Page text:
Have you been arrested for or charged with tampering with evidence? A person can be charged with tampering with evidence by itself, but tampering with evidence is usually connected to another crime, generally a more serious crime. Often the person is charged with both tampering as well as the underlying crime. Tampering with evidence can be found in Section 37.09 of the Texas Penal Code. Although a tampering charge can be an add-on crime, it can still end up being a felony charge in its own right. Prosecutors will often utilize the Tampering charge to get two bites at the apple. By going after the underlying crime as well as the tampering charge, prosecutors can have two opportunities to obtain either one or multiple convictions. This can result in an unfortunate situation in which a person is acquitted of a criminal charge, but convicted of tampering with the evidence of that same criminal charge. If you are charged with tampering with evidence, call me today for a free and confidential discussion of your case and the criminal court system in general.
Can Tampering with Evidence Be a Serious Felony?
It very well can be. Tampering with evidence can sometimes be more serious in reality that it might seem to be on the surface, or in the indictment. This is especially true if the underlying crime is heavy duty felony. Sometimes a situation will arise in which that heavy duty felony is not a slam dunk for prosecutors—sometimes there are problems with prosecuting the underlying criminal charge—but maybe some of the evidence in that felony case (a handgun that was used in the commission of the crime, for example) was destroyed or altered or compromised. Often times in these circumstances, Tampering is easier to prove (by the facts and circumstances, by an admission of the defendant, or some other reason). In these situations, tampering with Evidence can really have some bite to it. Furthermore, if that evidence that is alleged to have been tampered with is a deceased body, a human corpse, then that person charged could be looking at a second degree felony.
What is the Law on Tampering with Evidence?
Tampering with Evidence can be either a second degree felony, a third degree felony, or a Class A misdemeanor. This all will depend on the facts: what kind of evidence is at stake? What was concealed? Felony charges need to go through indictment process. If indicted in Tarrant County, a felony will end up in one of ten criminal district courts. Misdemeanors will end up in one of ten County Criminal Courts. Here is the statute from the Texas Penal Code is located in section 37.09 of the Texas Penal Code.
Basically, a tampering charge can cover any kind of evidence that is considered relevant to the prosecution of some crime. It could be anything. This could be any document, or any physical item that could be used as evidence of culpability in a criminal case. This could be an article of clothing in an assault or a murder case. This could be a quantity of controlled substance in a drug case. This could be destroying or disposing of some sort of weapon. This could be text messages or photos on an iphone. The penalties for Tampering can range from a misdemeanor to a second degree felony. Class A misdemeanors can range up to one year in county jail. Third degree felonies range in punishment between two years and ten years in the Texas Department of Corrections. Second degree felonies range in punishment between two years and twenty years in the Texas Department of Corrections.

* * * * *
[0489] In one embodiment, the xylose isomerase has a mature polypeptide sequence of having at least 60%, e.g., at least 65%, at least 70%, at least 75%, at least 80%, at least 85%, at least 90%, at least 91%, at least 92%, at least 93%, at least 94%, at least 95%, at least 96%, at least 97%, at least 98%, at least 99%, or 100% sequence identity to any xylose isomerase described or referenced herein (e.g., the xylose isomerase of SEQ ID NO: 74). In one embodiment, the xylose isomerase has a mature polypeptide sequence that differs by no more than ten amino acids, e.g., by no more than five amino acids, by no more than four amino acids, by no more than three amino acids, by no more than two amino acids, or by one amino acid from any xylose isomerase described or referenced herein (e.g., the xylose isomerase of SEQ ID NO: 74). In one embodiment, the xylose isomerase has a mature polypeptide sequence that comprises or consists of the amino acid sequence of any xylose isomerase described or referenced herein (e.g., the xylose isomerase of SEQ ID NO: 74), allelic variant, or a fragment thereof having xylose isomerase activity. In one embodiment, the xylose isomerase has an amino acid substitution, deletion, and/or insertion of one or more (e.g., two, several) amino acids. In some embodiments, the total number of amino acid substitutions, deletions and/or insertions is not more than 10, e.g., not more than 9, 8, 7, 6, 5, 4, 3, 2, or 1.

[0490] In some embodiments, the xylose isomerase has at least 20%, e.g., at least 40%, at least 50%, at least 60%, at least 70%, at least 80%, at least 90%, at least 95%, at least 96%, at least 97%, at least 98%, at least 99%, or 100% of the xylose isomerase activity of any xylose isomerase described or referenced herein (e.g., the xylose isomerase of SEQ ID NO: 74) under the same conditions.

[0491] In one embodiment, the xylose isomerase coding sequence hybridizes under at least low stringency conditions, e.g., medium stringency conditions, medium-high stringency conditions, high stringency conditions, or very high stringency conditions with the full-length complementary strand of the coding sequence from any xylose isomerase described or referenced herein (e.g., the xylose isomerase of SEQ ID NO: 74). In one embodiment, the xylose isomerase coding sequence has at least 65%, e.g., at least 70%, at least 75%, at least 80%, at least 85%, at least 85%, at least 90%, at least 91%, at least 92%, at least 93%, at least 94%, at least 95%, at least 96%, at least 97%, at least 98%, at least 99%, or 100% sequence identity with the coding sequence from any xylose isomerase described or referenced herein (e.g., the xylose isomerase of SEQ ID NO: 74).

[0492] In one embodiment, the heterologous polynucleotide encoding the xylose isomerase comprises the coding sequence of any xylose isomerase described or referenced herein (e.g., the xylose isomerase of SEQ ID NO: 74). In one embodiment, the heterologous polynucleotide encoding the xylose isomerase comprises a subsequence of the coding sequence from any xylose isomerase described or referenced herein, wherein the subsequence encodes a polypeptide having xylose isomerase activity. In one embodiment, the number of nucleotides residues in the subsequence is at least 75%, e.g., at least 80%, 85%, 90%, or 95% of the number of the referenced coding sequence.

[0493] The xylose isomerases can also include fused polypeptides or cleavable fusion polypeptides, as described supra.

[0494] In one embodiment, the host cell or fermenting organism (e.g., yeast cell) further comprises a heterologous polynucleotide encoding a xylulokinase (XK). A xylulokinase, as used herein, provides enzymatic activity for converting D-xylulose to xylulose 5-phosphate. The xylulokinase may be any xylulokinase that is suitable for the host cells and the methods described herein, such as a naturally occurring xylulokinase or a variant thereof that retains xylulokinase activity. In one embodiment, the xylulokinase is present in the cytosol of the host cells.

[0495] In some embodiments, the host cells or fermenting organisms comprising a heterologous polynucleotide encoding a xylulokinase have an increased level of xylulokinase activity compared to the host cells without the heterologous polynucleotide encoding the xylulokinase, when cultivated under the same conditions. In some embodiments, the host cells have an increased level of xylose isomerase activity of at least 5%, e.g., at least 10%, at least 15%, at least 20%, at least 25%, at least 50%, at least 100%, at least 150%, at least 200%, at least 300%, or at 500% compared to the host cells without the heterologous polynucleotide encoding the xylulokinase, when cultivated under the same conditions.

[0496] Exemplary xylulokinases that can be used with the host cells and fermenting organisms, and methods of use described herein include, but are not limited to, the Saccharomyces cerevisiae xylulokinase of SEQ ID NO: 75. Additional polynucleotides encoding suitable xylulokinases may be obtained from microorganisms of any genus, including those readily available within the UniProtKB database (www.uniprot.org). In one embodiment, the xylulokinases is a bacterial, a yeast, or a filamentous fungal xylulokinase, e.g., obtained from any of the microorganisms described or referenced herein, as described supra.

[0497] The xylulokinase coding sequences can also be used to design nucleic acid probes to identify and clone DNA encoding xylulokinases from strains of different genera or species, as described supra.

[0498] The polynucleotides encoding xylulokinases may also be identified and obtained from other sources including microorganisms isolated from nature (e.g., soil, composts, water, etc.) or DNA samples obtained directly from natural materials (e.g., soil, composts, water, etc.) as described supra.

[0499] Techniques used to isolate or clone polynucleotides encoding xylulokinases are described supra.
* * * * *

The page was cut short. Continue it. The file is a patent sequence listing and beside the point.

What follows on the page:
Example: this is an example from a trial that I had several years ago: Two men are involved in a long and emotionally charged fight over a woman. One guy is the ex-husband. The other guy is the new guy she is dating. (I represent this guy.) She has one son of around 8 years old with her ex-husband. She has full custody. The new guy and the ex-husband are formerly friends, but things have soured. The ex-husband is six feet five inches tall. My client is five feet eight inches tall. The conflict escalates over the course of several months. Threats are made on both sides. The ex-husband makes violent threats to both my client as well as to his ex-wife. She is scared for her safety, and for the safety of the child. My client buys a handgun out of fear and concern for his safety, which he keeps in the glove box of his jeep. Things came to a boiling point late one night. Texts are exchanged. Threats are made. My client drives over to his house. The ex-husband runs out of his home and aggressively charges my client’s vehicle. The ex-husband has a gun and tells this in a threatening way to my client. A gun fight ensues. The ex-husband is shot. There are almost certainly shots fired on both sides. It all happens very quickly. When the dust settles, the ex-husband has been shot twice.
My client drives away before police arrive. He drives to an empty field near his work. He dismantles the gun into several pieces and disperses them across the field, throwing them in mud and high grass in different places. A police investigation uncovers the weapon. My client is arrested and charged with both aggravated assault with a deadly weapon and tampering with evidence. However, prosecutors are reluctant to have the ex-husband testify because he has done so many bad acts toward my client. He has harassed my client and instigated matters over and over again. In the end, they dismissed the aggravated assault charge altogether, and proceeded on the tampering with evidence charge. This was how they could backdoor the shooting without having the ex-husband testify and endure cross examination, and secure a conviction on tampering with evidence. My client had little defense to the tampering with evidence charge. They had video of my client telling police how he dismantled the gun, and where it could be found.